If this is the logic guiding him, the same logic should apply to the other side - which should thus distinguish between the State of Palestine and the Land of Palestine. There is no contradiction, therefore, in Acre, Haifa and Jaffa being part of the Land of Palestine, even if they will not be part of the State of Palestine - just as Hebron will simultaneously be part of the State of Palestine and the Land of Israel. That is how healthy logic works, and that is how healthy peoples act in the framework of international law.

The second question raised by Prof. Avineri is also problematic. "The second question is directed at Israel's Arab citizens. Some of their leaders prefer to refer to themselves as 'Palestinian citizens of Israel,' and that, of course, is their right. But it is impossible to ignore the fact that following the establishment of an independent Palestinian state, this definition is liable to seem problematic," he writes.

Let's continue along the lines of this logic, and put it this way: The question is directed at Jewish citizens of the nations of the world. Some of their leaders prefer to refer to themselves as Jewish citizens of the United States, France, Russia, etc, and that, of course, is their right. But it is impossible to ignore the fact that following the establishment of an independent Israeli state, this definition is liable to seem problematic. Does Prof. Avineri accept that this, too, is problematic?

And in the same context, it would be interesting to know to what nation Prof. Avineri would say figures like Benjamin Disraeli, Alphonse Ratisbonne and the composer Felix Mendelssohn belong. To the Jewish people? And if not, why? You could go so far as to say that if the most famous Jewish boy were to arrive at Ben-Gurion Airport a second time, seeking to immigrate, Prof. Avineri's representatives would, at best, send him off on the first flight back overseas. Just a reminder to Prof. Avineri - the name of that famous Jewish boy is Jesus.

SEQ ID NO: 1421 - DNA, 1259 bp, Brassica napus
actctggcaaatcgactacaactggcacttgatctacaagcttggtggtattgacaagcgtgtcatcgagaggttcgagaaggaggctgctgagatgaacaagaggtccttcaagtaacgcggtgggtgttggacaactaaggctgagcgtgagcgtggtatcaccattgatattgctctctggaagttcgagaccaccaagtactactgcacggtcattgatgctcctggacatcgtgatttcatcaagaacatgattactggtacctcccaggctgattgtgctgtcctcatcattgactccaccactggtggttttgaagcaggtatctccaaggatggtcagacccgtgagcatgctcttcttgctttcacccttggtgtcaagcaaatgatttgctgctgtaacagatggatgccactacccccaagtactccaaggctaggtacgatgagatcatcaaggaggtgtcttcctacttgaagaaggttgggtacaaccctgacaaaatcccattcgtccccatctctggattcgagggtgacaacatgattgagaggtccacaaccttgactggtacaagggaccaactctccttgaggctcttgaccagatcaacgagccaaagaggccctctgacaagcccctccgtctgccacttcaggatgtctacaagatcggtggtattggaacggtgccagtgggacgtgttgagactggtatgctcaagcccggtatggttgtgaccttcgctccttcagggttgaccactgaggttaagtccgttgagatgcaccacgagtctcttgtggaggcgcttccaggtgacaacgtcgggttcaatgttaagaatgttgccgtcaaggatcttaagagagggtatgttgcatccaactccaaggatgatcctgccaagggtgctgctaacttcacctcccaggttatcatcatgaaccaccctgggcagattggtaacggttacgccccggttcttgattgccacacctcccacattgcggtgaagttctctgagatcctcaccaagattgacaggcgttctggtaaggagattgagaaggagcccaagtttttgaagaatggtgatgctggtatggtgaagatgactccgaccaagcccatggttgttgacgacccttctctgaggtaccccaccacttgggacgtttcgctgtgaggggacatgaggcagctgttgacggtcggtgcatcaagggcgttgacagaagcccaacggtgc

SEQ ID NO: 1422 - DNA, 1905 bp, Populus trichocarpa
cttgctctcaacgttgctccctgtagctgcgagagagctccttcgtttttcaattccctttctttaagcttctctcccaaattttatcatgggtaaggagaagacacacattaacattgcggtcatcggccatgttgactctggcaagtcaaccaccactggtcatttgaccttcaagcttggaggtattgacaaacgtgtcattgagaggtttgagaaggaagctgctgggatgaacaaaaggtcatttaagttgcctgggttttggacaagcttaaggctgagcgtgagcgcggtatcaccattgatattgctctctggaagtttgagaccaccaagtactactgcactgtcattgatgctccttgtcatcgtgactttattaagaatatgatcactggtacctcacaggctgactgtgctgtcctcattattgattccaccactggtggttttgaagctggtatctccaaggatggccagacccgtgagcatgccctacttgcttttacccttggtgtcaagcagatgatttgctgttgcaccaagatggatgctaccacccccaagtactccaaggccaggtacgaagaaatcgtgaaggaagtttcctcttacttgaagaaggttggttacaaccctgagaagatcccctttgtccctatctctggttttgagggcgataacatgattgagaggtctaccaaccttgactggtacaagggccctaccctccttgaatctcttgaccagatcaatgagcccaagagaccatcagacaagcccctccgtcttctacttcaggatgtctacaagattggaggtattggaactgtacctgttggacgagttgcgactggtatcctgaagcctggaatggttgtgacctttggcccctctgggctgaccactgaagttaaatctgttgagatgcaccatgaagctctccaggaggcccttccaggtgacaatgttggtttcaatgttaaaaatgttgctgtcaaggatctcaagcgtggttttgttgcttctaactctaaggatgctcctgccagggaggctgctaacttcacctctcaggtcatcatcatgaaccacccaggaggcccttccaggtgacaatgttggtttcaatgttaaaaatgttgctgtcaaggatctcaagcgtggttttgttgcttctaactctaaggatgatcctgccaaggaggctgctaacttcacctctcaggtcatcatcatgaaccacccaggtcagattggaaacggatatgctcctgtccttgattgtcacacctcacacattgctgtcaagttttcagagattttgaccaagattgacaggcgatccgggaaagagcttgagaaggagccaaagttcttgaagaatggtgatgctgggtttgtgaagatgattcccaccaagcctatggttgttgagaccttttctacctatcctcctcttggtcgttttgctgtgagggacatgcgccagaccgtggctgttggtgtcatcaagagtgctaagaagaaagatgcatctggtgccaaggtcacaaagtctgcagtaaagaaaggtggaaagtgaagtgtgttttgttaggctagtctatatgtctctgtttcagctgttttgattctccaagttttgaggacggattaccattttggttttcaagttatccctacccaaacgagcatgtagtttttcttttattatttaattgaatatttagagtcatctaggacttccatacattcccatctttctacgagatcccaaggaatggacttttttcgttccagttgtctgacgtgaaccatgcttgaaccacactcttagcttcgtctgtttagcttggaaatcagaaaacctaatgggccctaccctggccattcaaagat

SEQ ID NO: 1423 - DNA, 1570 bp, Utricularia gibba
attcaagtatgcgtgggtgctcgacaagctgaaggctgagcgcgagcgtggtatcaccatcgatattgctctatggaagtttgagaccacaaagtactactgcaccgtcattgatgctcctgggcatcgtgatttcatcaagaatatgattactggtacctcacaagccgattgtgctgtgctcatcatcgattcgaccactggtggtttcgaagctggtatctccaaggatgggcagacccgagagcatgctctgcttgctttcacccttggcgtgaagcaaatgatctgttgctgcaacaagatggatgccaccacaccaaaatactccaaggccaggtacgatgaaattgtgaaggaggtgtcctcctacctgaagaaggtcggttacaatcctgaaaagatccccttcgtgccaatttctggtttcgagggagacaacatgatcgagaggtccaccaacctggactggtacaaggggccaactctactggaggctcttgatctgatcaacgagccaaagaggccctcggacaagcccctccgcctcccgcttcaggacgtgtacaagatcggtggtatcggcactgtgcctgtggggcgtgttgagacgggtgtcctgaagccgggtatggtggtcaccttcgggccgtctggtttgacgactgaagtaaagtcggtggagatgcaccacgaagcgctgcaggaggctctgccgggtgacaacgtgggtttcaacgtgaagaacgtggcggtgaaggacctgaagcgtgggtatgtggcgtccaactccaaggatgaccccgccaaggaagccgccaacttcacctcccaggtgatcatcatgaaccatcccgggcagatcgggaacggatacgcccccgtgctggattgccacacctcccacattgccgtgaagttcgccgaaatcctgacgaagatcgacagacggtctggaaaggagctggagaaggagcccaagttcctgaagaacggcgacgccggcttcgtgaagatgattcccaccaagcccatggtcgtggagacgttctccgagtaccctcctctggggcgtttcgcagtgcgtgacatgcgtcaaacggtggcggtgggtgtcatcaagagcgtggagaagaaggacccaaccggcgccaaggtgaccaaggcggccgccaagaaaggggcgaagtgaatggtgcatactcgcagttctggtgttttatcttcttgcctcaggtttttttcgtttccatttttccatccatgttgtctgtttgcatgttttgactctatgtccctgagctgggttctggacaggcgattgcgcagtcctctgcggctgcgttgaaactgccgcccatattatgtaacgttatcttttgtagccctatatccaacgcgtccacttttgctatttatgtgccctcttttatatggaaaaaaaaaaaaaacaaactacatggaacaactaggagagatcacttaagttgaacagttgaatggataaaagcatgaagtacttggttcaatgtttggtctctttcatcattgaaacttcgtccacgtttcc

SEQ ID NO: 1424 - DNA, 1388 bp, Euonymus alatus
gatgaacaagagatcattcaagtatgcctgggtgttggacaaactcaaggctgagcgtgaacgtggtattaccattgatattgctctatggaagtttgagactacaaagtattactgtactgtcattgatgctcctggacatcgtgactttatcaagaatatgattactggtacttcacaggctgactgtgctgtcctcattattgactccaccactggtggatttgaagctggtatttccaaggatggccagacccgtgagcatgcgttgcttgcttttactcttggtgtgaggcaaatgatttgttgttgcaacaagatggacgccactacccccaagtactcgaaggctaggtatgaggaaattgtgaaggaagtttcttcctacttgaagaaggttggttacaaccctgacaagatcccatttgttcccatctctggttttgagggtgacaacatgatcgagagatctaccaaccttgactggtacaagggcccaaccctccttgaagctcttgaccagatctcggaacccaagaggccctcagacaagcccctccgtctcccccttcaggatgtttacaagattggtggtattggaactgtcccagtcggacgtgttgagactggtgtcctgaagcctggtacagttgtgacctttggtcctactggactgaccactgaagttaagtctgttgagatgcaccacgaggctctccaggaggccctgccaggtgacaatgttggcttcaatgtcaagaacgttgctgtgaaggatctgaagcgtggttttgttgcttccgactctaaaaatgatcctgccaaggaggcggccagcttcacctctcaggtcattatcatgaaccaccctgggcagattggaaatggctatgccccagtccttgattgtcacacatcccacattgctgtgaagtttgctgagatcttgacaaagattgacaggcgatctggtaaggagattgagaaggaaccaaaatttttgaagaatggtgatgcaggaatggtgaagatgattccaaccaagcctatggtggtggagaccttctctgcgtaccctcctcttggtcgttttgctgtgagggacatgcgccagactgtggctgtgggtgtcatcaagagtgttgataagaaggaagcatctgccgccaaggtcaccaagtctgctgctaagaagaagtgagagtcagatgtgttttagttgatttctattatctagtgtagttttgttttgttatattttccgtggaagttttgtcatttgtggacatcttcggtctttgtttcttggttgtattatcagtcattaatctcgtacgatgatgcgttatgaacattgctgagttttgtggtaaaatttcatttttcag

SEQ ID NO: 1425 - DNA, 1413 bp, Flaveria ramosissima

It seems such questions are inconceivable from his perspective; that is why he won't even consider them. This whole entire debate demonstrates how Prof. Avineri repeatedly climbs the branches of the tree he himself planted and nurtured, but, astonishingly and repeatedly, cuts down the very same branches with his own hands, to the point that he has become a licensed tree cutter.

It's nice that Prof. Avineri wants to see "full civil equality for Israel's Arab citizens," but for that equality to be complete, it also has to exist logically. To this point, I have not been able to fathom the logic of his words.
Published: Op-Ed, Haaretz, November 4, 2010